Early Rotor System Design

Early helicopter designers must have been really frustrated guys. It seems like it should be so simple. I can just imagine the guy who wakes up with what seems like a revelation, and figures he can go out to the shop and have a helicopter built by dinner time. Several months later he probably gives it up as a bad idea and sets fire to the whole project.

Helicopters depend on rotors for lift, and although rotors are airfoils, they act differently than airplane wings in several important ways. These differences account for several of the major problems early designers had.

The first sucessful rotor systems were designed by Juan de Cierva for his gyroplane. This craft was basically an airplane with the wings removed and a rotor substituted as the lift producing component.

This early rotor system was not designed to be controlled by the pilot the way a modern gyroplane or helicopter is. It simply produced lift, and aircraft control was by the normal rudder and elevator controls. The rotor was unpowered, and simply spun like a pinwheel due to the relative wind blowing through the rotor system. This is called autorotation.

The problem that Juan encountered was that as his gyroplane would start to fly, it would invariable roll to the left and crash. Models he built using lightweight rotors did not experience this. He figured out that the cause was what we now call dissymetry of lift and that he could solve the problem by installing a flapping hinge.

While the flapping hinge solved one problem, it caused another. Once the flapping hinge was installed, rotor blades were breaking due to high stress. The stress was identified as being caused by coriolis force and the installation of another hinge, the lead-lag hinge solved that problem.

With the installation of a hinge or bearing to allow feathering the rotor system would have all the capabilities of a modern rotor system.

Powered Rotor Systems

While gyroplanes allow very short takeoff and landing rolls, it doesn't get you the ability to hover. To do that, you have to be able to spin the rotor system with a powerplant, rather than just let it autorotate.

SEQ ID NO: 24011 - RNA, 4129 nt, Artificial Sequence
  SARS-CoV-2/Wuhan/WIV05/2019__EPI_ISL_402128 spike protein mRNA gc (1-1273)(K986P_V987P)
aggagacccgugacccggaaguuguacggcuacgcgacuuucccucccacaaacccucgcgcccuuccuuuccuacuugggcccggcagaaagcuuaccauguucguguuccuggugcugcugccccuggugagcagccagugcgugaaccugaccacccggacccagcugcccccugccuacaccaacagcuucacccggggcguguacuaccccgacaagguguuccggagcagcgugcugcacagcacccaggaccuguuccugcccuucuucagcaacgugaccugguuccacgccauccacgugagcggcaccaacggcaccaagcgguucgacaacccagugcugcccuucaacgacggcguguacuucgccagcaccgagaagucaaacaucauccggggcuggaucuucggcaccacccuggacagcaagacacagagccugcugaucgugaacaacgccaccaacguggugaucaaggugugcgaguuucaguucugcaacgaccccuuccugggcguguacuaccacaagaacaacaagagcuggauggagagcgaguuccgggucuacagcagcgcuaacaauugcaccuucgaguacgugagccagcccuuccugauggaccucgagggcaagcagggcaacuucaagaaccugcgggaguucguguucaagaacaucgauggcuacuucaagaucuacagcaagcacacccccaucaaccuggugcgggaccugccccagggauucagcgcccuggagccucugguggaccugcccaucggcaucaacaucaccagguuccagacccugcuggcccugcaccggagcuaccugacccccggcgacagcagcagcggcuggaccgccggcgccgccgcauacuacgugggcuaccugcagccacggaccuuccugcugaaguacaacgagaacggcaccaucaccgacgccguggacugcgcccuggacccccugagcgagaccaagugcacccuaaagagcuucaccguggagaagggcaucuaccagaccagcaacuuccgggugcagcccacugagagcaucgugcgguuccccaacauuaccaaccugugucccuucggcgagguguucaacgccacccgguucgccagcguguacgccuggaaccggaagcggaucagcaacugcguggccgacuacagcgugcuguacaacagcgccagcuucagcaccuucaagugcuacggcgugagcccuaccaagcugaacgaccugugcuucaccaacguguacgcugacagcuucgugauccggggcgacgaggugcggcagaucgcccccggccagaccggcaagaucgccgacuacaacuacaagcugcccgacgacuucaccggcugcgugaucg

Trying to turn the rotor system with an engine causes one problem: torque reaction. In this case, if you try to turn the rotor system with the engine, the equal and opposite reaction called for by Sir Issac Newton will cause the entire helicopter to rotate in the opposite direction. Several methods have been used to counter this effect, the two main ones being either the use of two or more counter rotating rotors, or the use of a tail rotor to counter the rotational force. The other significant methods are tip driven rotors, and the MDHC NOTAR system.

Coning and Gyroscopic Precession

Have you ever wondered what keeps the rotor from simply folding up? Probably not. Most people just think of the rotor system as wings that happen to spin. But wings are held rigid because they are built that way. Rotor blades on the other hand resemble spagetti more than wings. They are not at all rigid. It is the spinning of the rotor that keeps it stiff. Centrifugal forces tend to keep the rotor blades down, while lift tries to bring them up. The rotor blade ends up somewhere in between, at a position where the centrifugal force on the blade and the upward force from the lift being produced are balanced.

If you've ever played with a gyroscope you've probably experienced gyroscopic precession. A result of gyroscopic precession is that maximum deflection of the gyroscope occurs approximately 90 degrees later in the rotation from where the force is applied. This effects helicopters in several ways, but probably the most noticable is in the rigging of the pitch links and swashplate. Pitch information coming from the pilot's cyclic is actually transmitted to the blade 90 degrees early, so that the maximum tilt of the rotor disk will occur in the direction the pilot has moved his cyclic control. Check out the (missing) section on pilot controls and swashplates for more information.

Why does it take so much power to hover?

(To be Supplied)
Paul Cantrell
paul at copters.com (replace " at " with "@" to email me - this avoids SPAMMERS I hope)